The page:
Woven Revolution: Athena

The average person who learns about Lancaster PA, thinks of buggies and bonnets. While the Amish and Mennonite communities are quite strong in Lancaster, they are not the only Protestant groups in the community. Their English counterparts, Baptists, are alive and well.

Pennsylvania, however, was not founded by Anabaptists or Baptists, but by Quakers. In Colonial Lancaster, a group of Irish Quakers had residence. They are a small group, though little is recorded of them. Like the Anabaptists, the Quakers are pacifists, but during the American Revolution, a few Quakers opted to fight, one of them was Nathanael Greene who became a major general in the Continental Army.

Knotted Pile Sampler, 2011

Business in Lancaster


Athena MacGuire, is many things, but she is uncertain of who she is. She is an Irish Quaker in Lancaster, an unmarried woman and the owner of her own business. During the Colonial time period, women did own businesses: some ran inns, some ran millinery shops. Others were dressmakers, and still others found other occupations. Many of these women inherited businesses from deceased husbands or fathers, but many others established their own businesses without male supervision.

In farming communities like Lancaster, most women married and raised their own families or helped their husbands with shops. Though there were women owners, they were few. It wasn't that women couldn't own a business, it just was not common, culturally.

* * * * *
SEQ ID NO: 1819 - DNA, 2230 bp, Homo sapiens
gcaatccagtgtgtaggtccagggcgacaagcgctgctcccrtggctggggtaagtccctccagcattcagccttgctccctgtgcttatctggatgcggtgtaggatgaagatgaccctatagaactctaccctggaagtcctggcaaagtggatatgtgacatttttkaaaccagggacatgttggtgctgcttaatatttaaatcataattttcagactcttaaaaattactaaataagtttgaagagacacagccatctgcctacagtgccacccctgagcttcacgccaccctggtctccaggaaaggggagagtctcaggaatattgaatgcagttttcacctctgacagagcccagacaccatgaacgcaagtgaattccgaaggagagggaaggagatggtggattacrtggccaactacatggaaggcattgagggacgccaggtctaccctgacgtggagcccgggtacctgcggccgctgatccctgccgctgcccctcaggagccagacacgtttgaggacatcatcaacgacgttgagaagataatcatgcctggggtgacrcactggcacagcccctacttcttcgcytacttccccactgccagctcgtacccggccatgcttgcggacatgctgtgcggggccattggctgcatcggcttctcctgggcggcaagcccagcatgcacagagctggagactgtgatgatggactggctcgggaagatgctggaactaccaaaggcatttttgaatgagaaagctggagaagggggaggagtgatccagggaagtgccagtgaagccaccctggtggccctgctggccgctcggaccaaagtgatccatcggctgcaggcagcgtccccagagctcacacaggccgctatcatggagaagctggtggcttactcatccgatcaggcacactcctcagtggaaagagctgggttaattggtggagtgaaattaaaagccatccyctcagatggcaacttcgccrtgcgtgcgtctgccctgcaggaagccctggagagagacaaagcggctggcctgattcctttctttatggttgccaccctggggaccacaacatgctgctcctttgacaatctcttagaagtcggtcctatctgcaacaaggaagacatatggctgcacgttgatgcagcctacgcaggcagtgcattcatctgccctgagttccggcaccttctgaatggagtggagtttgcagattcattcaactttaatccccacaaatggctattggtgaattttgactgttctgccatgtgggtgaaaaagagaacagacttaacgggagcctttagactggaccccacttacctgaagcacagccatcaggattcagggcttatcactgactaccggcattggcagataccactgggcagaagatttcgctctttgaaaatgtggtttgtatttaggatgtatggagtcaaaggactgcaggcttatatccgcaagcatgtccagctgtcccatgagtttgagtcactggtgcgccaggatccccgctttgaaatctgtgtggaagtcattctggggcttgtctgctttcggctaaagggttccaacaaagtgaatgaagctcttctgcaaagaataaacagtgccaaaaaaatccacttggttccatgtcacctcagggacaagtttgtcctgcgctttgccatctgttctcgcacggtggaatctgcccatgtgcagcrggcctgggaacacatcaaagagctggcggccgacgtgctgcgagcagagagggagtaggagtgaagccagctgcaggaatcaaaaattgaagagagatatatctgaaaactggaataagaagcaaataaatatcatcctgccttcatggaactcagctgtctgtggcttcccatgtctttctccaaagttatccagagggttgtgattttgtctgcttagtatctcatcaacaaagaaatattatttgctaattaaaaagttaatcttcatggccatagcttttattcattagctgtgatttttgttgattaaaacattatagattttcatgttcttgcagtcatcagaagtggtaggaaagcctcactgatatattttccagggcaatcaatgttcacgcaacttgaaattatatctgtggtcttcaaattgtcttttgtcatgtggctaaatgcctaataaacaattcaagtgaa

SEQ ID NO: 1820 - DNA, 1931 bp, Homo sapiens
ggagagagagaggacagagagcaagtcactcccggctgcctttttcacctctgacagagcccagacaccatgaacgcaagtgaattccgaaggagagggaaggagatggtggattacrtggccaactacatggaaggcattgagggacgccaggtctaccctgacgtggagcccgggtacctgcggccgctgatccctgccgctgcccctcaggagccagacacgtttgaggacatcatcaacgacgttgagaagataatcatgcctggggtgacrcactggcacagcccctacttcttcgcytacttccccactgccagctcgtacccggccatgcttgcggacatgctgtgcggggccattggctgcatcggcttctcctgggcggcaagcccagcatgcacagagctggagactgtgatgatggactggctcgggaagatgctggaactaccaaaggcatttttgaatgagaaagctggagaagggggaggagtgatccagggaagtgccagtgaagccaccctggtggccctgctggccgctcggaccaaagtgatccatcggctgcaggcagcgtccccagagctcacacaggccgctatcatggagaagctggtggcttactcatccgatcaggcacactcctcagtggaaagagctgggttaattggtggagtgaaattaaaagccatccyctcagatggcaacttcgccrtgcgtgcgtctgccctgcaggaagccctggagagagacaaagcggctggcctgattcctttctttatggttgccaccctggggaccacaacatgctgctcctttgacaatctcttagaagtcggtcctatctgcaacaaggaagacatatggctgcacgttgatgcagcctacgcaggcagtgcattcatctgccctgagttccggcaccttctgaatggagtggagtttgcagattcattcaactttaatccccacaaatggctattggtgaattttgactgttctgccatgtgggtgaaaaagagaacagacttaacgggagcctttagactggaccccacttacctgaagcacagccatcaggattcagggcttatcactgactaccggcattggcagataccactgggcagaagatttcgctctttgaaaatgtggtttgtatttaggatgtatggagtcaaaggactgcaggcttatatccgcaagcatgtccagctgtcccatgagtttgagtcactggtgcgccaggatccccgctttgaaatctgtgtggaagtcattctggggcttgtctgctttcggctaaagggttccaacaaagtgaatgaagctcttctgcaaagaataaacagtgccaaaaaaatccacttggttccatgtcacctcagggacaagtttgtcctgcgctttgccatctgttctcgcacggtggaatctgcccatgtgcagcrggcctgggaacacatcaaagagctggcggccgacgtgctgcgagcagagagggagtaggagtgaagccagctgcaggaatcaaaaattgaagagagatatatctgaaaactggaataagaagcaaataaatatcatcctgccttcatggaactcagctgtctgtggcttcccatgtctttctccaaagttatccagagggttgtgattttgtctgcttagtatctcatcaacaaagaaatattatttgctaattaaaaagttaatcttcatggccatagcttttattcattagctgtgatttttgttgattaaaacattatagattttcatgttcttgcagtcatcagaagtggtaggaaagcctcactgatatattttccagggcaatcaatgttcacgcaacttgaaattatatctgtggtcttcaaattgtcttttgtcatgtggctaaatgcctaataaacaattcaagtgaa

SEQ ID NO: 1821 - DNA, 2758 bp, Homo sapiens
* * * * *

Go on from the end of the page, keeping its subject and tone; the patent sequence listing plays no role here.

For Athena, owning her own business is a matter of life.

A Woman Contained


At the age of thirty, Athena is an old maid with little to no hope of every marrying. Though her mother, Penelope still lives, her father has died in the defense of Bunker Hill. Unlike the other two women, Athena has very personal reasons for despising the British troops.

Since 1770, Athena has run an inn in Lancaster named The Fighting Quaker. She makes her living off the inn, and when her father dies in 1775, offers space for her mother to join her. Penelope declines the offer, but remains a constant support to her daughter.

Athena's brothers, however, are an entirely different matter. The eldest of four children, Athena watches her younger brothers with a cool eye. The two eldest brothers dismiss fighting, and blame their youngest brother for their father's death. Added to their bitterness, they see Athena's inn as a constant sore in their lives and make life difficult for her.

Her brothers, however, are the least of her worries. Athena struggles with her faith. On one hand, she understands the reason she is not to fight, but on the other hand, backing away from a fight seems pointless. As she withdraws farther from her Quaker roots, the Quaker community tries to pull her back into their fold. The struggle threatens to loosen the constrains Athena has placed around herself for like Circe, she is a passionate woman who has learned the fire her tongue can bring.

She desires respect from a man who can see her worth as his equal, not his subordinate. In a world still ruled by men, even with all their freedoms, Athena, like the other two women, desire freedom of their own. The freedom to be who they were meant to be.

Through her story, Athena finds the way to unlock the cultural rules that have left her contained within a cell of her own making.

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